Net unrealized appreciation (NUA) is a favorable tax planning opportunity that can often save a taxpayer tens of thousands of dollars. However, this tax planning opportunity is often underused because most people are unaware of its existence. In order to utilize this tax planning opportunity, an employee must own company stock in his or her 401(k) account. Other company-sponsored retirement plans may also apply when discussing NUA, but the primary type of account is the 401(k) so this is what we will address here.
For many employees that participate in a company-sponsored 401(k) plan, when they retire or terminate employment with the company, they would choose to â€śrolloverâ€ť the entire balance of their 401(k) account into a self-managed IRA. However, when the employee owns company stock in their 401(k), they should analyze whether this is the best thing to do. Net unrealized appreciation (NUA) is simply the difference between the cost basis (what you paid for the stock) and the current fair market value of the employer stock in your 401(k) account. The IRS allows for this net unrealized appreciation to be treated as a capital gain, which is taxed at lower tax rates than ordinary income tax rates. The larger the appreciation of the employer stock in your 401(k) account, the bigger the opportunity to save more in taxes by utilizing this strategy. For example, if you retire with $750,000 of employer stock in your 401(k) account and this stock only has a cost basis of $150,000, you would have net unrealized appreciation of $600,000 in this stock.
In the example above, if you choose to employ the NUA strategy and take the $750,000 of company stock out of your 401(k) account â€śin-kindâ€ť, you would currently only pay income taxes on the $150,000 cost basis. To be treated as an â€śin-kindâ€ť distribution, you would need to take the shares out of the 401(k) as shares of your company stock â€“ not converted to cash. The other $600,000 of appreciation would remain untaxed until you actually sell the stock. When you sell the stock, this $600,000 of NUA would receive long-term capital gain tax treatment. Any further appreciation of this stock after the date of the distribution would receive either short-term capital gain (less than 12 months) or long-term capital gain (12 months or longer) treatment depending on the length of time that has passed since the date of the distribution.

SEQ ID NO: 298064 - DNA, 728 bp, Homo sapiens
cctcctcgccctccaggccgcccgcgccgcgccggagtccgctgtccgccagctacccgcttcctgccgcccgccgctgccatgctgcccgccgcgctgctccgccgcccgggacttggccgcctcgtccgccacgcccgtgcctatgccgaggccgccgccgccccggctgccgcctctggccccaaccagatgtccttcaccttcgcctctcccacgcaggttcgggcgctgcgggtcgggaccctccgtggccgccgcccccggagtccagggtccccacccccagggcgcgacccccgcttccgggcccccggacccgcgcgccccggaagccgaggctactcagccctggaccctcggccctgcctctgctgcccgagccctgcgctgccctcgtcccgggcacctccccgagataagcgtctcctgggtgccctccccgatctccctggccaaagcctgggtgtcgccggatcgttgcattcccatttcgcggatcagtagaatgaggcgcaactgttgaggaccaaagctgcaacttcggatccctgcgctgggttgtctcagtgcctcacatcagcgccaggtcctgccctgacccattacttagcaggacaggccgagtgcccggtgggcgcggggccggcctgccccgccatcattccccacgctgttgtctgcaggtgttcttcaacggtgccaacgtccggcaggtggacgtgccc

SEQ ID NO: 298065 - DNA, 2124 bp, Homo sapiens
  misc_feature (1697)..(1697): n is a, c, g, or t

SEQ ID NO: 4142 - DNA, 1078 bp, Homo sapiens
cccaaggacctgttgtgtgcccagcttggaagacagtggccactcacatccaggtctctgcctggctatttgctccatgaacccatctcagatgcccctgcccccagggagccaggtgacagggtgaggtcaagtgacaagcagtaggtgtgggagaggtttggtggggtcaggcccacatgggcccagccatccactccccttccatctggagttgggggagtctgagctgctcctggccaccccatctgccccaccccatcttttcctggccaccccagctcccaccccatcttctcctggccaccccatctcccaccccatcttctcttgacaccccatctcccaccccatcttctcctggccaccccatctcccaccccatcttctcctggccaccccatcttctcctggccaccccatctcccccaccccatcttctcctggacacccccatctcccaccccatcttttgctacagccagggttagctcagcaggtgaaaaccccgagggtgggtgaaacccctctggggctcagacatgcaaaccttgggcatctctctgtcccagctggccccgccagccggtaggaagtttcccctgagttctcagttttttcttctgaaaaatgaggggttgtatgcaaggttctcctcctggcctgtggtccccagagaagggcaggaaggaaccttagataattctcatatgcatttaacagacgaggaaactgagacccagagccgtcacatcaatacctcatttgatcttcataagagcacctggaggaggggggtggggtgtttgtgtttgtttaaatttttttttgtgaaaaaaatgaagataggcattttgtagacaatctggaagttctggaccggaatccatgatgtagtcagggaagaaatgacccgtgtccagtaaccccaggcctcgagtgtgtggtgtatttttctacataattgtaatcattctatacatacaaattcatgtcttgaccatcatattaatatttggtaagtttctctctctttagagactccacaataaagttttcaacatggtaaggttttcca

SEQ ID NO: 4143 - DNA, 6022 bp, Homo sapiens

If you choose to utilize the NUA strategy, you would take the employer stock out of your 401(k) account and direct this stock into a taxable (non-IRA) brokerage account. When this occurs, the ordinary income amount that you would have to report on your tax return would ONLY be the cost basis of the employer stock. The remainder of your 401(k) account (everything other than the employer stock) would be rolled over into a traditional IRA Rollover account.
In order to qualify to use this net unrealized appreciation strategy, you must meet the following strict criteria:
Â· You must distribute your entire account balance from all employer plans within one year.
Â· You must take the distribution of employer stock as shares â€“ not cash.
Â· You must have completed one of the following:
Â· Be age 59-1/2
Â· Separated from service and be at least 55 years old (or a 10% penalty may apply)
Â· Become totally disabled
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